Page last updated at 10:58 GMT, Wednesday, 9 July 2008 11:58 UK

Summit ends with climate 'vision'

US President George W Bush, South Africa's Thabo Mbeki, Russian President Dmitry Medvede, Germany's Angela Merkel, and Canada's Stephen Harper at G8 meeting in Japan, 9 July
G8 leaders and developing nations remain divided on emissions cuts

World leaders have proclaimed a "shared vision" on climate change, but failed to bridge differences between rich and emerging nations on curbing emissions.

Concluding a summit in northern Japan, leaders from the G8 and developing countries said "deep cuts" in greenhouse gas emissions were needed.

China and other emerging powers declined to endorse specific targets.

The three-day summit on Hokkaido island also discussed Zimbabwe, and the global rise in food and energy prices.

UN Secretary General Ban Ki-moon had called on the G8 to tackle the "interconnected challenges" of soaring food costs, development, and climate change.

On the third and final day of the summit, the G8 and eight developing countries issued a statement calling global warming "one of the great global challenges of our time".

We, the leaders of the world's major economies, both developed and developing, commit to combat climate change in accordance with our common but differentiated responsibilities
G8 statement on climate

But it stopped short of urging numerical targets reducing greenhouse emissions.

"Leaders of the world's major economies, both developed and developing, commit to combat climate change in accordance with our common but differentiated responsibilities and respective capabilities," it said.

India and China dismissed the rich nations' call for them to halve emissions by 2050.

The BBC's Roger Harrabin at the summit says China felt that emerging economies were being implicitly asked to take responsibility for a problem caused mainly so far by the West.

'Criminal cabal'

On Tuesday, the G8 - which includes the UK, US, Canada, France, Germany, Italy, Japan and Russia - restated its "vision" of halving harmful emissions by 2050.

But Mexico, Brazil, China, India and South Africa challenged developed countries to cut their greenhouse emissions by more than 80% by 2050.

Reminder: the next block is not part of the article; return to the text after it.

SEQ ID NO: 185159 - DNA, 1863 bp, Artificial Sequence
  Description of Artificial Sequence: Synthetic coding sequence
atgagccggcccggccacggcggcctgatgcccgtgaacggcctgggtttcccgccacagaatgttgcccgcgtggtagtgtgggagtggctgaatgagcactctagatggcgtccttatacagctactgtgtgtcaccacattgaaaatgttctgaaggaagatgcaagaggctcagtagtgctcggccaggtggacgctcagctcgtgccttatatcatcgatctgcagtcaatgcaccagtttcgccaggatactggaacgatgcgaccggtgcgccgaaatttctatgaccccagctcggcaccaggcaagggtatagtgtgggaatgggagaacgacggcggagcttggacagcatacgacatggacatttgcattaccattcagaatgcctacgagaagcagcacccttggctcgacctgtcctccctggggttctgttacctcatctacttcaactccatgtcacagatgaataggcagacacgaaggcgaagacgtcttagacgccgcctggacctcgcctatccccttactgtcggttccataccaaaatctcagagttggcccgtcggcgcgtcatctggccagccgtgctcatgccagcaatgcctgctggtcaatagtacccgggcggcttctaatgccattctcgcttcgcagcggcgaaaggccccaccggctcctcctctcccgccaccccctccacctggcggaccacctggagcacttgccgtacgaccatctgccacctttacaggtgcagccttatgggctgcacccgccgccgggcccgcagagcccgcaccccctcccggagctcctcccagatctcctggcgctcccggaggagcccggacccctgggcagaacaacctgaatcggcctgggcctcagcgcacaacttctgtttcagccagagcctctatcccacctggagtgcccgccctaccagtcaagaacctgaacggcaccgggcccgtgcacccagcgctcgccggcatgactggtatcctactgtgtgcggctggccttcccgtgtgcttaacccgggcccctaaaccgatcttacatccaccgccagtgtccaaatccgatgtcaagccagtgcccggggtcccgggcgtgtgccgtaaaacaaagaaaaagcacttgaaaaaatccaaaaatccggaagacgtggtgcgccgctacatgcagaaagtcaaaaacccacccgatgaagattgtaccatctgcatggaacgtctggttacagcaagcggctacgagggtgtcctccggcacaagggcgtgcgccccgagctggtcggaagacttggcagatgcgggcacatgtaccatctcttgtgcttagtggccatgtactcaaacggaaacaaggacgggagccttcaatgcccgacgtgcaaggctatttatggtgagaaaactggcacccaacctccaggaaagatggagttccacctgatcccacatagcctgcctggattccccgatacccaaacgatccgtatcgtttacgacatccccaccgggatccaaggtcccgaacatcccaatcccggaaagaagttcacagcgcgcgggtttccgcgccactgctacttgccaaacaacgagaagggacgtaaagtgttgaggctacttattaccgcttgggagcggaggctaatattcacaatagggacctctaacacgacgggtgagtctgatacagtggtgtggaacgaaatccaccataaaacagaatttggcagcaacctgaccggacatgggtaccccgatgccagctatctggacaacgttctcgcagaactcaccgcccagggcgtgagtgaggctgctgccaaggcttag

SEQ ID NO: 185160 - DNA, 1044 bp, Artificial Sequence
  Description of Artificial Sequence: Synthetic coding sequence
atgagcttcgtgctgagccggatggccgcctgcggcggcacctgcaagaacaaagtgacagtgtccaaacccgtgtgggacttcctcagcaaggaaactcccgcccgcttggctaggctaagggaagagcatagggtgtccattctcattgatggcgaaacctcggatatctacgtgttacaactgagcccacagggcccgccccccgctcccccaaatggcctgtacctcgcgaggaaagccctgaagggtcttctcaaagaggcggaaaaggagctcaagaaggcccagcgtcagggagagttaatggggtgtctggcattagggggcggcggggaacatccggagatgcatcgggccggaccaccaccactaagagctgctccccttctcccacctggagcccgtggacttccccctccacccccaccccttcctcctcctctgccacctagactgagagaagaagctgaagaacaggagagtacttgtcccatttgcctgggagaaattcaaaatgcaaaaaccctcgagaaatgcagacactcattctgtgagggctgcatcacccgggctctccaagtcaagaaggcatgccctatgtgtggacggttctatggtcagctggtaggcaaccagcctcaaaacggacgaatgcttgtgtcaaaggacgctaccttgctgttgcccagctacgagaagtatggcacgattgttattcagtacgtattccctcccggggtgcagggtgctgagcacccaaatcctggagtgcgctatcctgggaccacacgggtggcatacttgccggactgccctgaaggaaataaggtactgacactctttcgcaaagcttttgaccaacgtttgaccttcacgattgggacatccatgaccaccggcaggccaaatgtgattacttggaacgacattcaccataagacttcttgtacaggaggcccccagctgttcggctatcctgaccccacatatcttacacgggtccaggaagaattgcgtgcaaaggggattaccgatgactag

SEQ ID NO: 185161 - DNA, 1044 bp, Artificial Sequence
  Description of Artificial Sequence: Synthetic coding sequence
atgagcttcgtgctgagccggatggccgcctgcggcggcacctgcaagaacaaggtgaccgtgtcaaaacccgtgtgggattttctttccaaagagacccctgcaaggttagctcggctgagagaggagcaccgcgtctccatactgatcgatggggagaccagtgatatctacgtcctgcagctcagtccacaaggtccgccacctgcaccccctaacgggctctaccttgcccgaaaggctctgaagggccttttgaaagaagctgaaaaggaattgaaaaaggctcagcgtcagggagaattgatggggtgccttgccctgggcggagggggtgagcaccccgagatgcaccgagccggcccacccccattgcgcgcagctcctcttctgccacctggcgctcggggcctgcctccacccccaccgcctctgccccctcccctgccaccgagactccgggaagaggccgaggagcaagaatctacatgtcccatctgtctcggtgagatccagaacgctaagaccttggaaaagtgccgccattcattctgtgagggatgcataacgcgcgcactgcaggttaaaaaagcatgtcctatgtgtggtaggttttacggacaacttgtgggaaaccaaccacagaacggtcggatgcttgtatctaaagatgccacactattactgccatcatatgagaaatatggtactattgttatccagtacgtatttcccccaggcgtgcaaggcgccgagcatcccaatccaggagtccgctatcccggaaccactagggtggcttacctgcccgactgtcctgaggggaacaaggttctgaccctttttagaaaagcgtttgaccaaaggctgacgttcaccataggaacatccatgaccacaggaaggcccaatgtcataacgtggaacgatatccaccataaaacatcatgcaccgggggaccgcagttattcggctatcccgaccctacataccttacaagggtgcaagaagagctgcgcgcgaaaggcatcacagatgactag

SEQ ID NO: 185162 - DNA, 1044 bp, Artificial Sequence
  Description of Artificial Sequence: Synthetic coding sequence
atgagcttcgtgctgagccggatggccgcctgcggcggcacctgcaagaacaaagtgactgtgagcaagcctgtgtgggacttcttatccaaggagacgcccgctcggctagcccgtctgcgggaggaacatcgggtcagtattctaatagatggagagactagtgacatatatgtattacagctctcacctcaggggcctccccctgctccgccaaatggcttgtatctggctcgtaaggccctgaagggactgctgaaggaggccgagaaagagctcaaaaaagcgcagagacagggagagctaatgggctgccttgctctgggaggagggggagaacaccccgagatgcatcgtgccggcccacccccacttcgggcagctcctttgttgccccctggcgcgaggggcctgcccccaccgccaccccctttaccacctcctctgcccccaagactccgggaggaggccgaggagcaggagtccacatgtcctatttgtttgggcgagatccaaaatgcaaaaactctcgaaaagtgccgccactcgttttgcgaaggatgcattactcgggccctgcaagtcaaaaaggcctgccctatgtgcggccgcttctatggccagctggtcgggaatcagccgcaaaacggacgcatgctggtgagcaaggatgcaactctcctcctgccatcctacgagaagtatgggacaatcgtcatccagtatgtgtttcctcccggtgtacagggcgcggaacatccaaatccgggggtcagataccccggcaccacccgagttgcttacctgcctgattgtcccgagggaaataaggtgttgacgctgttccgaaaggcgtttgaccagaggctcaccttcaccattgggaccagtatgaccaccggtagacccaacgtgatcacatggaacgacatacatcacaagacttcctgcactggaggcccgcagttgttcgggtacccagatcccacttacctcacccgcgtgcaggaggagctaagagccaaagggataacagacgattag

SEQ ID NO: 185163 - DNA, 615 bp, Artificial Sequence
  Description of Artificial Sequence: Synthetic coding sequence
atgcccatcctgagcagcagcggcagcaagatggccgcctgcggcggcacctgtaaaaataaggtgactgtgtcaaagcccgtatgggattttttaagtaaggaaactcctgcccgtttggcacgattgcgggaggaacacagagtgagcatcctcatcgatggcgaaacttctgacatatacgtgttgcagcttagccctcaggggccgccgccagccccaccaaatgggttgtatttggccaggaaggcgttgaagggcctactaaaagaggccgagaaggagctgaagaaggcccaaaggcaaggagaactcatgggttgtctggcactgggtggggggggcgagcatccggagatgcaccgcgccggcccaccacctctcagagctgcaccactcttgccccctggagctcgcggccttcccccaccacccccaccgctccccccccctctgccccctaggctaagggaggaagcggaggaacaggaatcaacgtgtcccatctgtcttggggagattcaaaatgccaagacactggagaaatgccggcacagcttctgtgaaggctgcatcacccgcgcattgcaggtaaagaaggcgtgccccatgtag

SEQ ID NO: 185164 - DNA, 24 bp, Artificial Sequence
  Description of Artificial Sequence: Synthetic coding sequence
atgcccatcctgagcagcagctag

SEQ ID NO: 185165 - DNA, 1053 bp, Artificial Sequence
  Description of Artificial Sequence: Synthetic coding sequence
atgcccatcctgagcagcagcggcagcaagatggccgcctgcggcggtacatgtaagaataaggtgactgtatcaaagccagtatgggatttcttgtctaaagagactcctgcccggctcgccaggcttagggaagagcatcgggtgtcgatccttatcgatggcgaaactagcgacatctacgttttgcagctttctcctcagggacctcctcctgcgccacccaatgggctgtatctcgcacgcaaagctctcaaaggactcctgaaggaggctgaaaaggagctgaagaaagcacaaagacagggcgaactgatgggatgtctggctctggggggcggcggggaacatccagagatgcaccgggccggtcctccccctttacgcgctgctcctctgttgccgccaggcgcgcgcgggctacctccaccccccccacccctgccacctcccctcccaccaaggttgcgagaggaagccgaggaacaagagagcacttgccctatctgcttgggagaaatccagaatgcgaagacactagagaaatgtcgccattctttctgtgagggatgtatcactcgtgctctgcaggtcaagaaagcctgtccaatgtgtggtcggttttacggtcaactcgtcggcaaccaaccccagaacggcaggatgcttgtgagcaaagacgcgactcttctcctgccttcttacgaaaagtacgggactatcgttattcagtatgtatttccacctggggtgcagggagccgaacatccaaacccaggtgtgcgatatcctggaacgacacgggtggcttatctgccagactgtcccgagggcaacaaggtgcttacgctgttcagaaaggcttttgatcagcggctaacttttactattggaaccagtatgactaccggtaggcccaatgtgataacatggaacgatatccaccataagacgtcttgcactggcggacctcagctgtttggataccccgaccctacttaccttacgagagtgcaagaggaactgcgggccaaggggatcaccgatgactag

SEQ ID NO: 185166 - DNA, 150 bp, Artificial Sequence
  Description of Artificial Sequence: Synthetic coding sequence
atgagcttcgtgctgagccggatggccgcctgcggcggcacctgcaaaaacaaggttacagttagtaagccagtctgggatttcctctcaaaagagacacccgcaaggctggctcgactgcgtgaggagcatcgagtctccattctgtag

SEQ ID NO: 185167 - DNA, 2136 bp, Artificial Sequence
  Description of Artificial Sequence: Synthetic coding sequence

Leading environmentalist R K Pachauri discusses the summit outcome

Japanese Prime Minister Yasuo Fukuda said the G8 leaders had demonstrated they were serious about tackling climate change.

"It is the very first time ever that leaders of the major economies have got down to vigorous discussions on a broad range of climate-change-related issues, and I believe that the leaders have shown strong political will," he said.

On food and energy costs, Mr Fukuda said:

"The rising food and oil prices add to inflationary pressures, and will therefore raise serious challenges to growth and would have a serious impact on the most vulnerable."

During the summit, G8 leaders also called for UN sanctions against Zimbabwe's leadership, because of violence during the controversial re-election of President Robert Mugabe last month.

The US and the UK are pressing for a travel ban and assets freeze on Mr Mugabe and his senior allies, and an arms embargo.

Its a complete waste of time and money
Aamir Mir, Appleton, United States

"There should be no safe haven and no hiding place for the criminal cabal that now make up the Mugabe regime," British Prime Minister Gordon Brown said after the summit.

But Russian President Dmitry Medvedev said his government could veto the sanctions in a UN vote.

Mr Medvedev also said he was "deeply upset" by the missile defence agreement signed on Tuesday by the US and the Czech Republic.

The two countries agreed to build a radar station near Prague, as part of America's planned defence shield.

Mr Medvedev rejected US assurances that the shield does not threaten Russia, and is meant to counter a threat from Iran.

"Russia isn't going to get hysterical but will be studying countermeasures," he said at the summit.

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